Frequently Asked Questions
Frequently Asked Questions
How do I know my assets are safe?
The State of Vermont, in granting the charter to the Trust Company of Vermont, made the initial determination that TCV is a sound organization, adequately staffed and capitalized to perform trust services. Trust assets, whether held by the Trust Company of Vermont or by a bank trust department, are not subject to FDIC insurance. The reason for this is that state and federal law requires banks and trust companies to keep assets separate from the bank or trust company.
The Trust Company of Vermont holds all of its client assets with Northern Trust. Furthermore, we are subject to on-site examinations by bank regulators, and we maintain substantial insurance coverage protecting client funds against wrongdoing, errors and omissions and financial failure.
How does Trust Company of Vermont differ from stockbrokers, financial planners and bank trust departments?
The primary difference is our unique corporate status as an independent trust company, locally controlled. We are free from the influences of an owner that may have products to sell and/or might be insensitive to the needs of our customer. This allows us to make our investment decisions solely for the benefit of the client or the trust beneficiaries.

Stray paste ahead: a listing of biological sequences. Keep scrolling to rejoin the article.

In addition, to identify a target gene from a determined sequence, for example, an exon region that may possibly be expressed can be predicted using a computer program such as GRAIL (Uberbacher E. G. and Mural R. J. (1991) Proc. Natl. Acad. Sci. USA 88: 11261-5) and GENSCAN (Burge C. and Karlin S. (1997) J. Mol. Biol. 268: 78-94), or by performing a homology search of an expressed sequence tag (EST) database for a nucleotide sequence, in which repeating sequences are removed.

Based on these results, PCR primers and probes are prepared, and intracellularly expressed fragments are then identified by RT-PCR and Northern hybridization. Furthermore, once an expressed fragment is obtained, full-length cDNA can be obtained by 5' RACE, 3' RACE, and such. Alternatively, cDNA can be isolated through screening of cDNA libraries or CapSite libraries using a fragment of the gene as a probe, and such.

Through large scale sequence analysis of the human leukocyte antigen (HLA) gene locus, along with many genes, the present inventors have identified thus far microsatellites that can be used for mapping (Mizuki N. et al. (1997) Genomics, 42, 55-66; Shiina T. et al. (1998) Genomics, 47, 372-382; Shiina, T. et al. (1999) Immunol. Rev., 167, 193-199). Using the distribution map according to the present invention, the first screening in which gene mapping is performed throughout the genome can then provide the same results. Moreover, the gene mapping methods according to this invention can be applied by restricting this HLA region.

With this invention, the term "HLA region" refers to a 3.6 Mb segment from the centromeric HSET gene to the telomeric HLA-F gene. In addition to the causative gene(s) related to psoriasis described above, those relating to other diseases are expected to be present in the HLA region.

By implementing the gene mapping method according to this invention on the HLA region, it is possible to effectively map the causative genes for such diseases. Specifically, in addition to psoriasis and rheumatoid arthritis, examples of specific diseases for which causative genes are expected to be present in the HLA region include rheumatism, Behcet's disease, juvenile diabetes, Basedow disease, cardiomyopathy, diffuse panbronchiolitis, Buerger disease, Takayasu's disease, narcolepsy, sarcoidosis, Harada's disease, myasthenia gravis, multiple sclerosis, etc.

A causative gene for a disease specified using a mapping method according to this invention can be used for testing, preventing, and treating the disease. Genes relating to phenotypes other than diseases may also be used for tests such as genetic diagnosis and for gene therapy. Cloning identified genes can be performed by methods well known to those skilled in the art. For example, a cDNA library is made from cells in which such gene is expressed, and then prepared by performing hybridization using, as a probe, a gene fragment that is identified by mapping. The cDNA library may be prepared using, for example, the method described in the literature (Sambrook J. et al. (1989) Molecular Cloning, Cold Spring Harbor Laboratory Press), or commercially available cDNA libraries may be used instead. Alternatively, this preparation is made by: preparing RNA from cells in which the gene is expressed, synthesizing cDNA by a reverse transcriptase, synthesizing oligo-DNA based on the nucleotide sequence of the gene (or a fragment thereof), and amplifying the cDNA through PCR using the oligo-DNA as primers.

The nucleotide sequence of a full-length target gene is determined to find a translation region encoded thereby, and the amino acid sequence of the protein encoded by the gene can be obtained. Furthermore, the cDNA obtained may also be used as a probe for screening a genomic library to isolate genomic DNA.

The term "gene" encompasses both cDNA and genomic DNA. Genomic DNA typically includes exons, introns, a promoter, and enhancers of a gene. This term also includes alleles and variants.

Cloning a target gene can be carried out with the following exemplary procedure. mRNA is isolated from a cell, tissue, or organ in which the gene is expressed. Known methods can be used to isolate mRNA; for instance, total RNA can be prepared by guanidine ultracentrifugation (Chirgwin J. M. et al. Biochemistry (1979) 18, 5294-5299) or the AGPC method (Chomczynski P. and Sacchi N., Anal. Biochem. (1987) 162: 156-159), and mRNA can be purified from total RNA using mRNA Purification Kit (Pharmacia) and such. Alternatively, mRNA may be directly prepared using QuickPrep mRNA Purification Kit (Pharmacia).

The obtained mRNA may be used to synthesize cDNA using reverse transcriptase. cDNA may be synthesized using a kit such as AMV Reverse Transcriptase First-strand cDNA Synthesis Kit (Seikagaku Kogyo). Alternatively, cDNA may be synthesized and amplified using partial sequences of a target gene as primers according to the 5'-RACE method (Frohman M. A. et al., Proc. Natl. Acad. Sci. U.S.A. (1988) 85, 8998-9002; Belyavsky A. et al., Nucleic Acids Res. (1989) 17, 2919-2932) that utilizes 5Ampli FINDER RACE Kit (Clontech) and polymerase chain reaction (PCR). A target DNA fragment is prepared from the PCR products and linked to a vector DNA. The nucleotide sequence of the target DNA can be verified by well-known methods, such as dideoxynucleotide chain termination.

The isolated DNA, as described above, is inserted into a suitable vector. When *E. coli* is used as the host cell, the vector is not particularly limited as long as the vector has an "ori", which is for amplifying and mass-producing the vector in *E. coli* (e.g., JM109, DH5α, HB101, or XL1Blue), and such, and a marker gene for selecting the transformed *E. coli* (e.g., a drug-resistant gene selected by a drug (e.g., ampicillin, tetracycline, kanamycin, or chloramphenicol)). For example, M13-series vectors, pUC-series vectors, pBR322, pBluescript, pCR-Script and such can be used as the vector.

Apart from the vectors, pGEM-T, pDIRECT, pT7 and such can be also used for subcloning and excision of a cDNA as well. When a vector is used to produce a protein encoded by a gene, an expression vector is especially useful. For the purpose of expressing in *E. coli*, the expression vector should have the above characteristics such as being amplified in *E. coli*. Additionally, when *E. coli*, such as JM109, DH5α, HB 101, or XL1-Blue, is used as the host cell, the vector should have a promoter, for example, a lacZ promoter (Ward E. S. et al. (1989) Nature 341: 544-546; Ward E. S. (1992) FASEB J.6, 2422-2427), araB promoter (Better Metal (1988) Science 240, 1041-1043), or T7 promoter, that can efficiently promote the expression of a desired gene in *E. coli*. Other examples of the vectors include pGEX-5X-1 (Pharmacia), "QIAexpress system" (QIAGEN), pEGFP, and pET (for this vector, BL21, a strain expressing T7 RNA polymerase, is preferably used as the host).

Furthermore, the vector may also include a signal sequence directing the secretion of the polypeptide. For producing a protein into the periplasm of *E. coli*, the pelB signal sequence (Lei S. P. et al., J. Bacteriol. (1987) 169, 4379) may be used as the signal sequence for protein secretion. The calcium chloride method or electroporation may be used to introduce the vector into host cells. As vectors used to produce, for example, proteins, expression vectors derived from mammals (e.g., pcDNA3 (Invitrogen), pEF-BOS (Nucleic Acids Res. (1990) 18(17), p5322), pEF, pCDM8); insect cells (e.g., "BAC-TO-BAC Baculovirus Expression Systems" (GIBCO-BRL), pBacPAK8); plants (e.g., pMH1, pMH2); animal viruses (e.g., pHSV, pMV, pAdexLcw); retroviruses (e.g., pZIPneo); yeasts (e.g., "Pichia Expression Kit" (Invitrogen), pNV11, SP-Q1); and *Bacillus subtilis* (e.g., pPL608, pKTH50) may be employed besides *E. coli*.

Another difference is our fee arrangements. Trust Company of Vermont avoids all conflicts of interests when charging fees and we fully disclose all fees in a simple and understandable manner.
Furthermore, we are unique in pricing our accounts by relationships rather than individual accounts. This encourages needed trust accounts for family members regardless of size.
Although Trust Company of Vermont is permitted to receive compensation from certain mutual funds (12b-1 and other administrative fees), we have elected not to, in order to enhance the investment return for our client accounts. We want to be free of any self interest when making recommendations.
Is TCV bound to a “fiduciary” standard?
Yes, and we always have been. The “fiduciary standard” requires putting a client’s interests ahead of one’s own. Some advisors need only meet a “suitability” standard in investments they recommend. This has been in the news recently in anticipation of Department of Labor rule changes to expand fiduciary standard requirements, with the goal of helping consumers avoid unnecessary or hidden fees in retirement account investments.
How easy is opening an account at Trust Company of Vermont? Can I transfer assets to the Trust Company of Vermont without incurring fees or taxes?
Whether you are moving funds from a bank trust department, broker or financial planner, transferring assets is simple. In most cases, securities are transferred, not sold, to avoid unnecessary capital gains. Most stocks, bonds, and mutual funds can be transferred in two days with the cooperation of the transferring institution.
Will I earn a better rate of return on funds than I do now?
This is our goal. We offer the skill of 13 proven investment managers averaging approximately 30 years experience. We have attracted this talent because we offer employee ownership, encourage customer contact and customization, and provide the resources to manage assets well.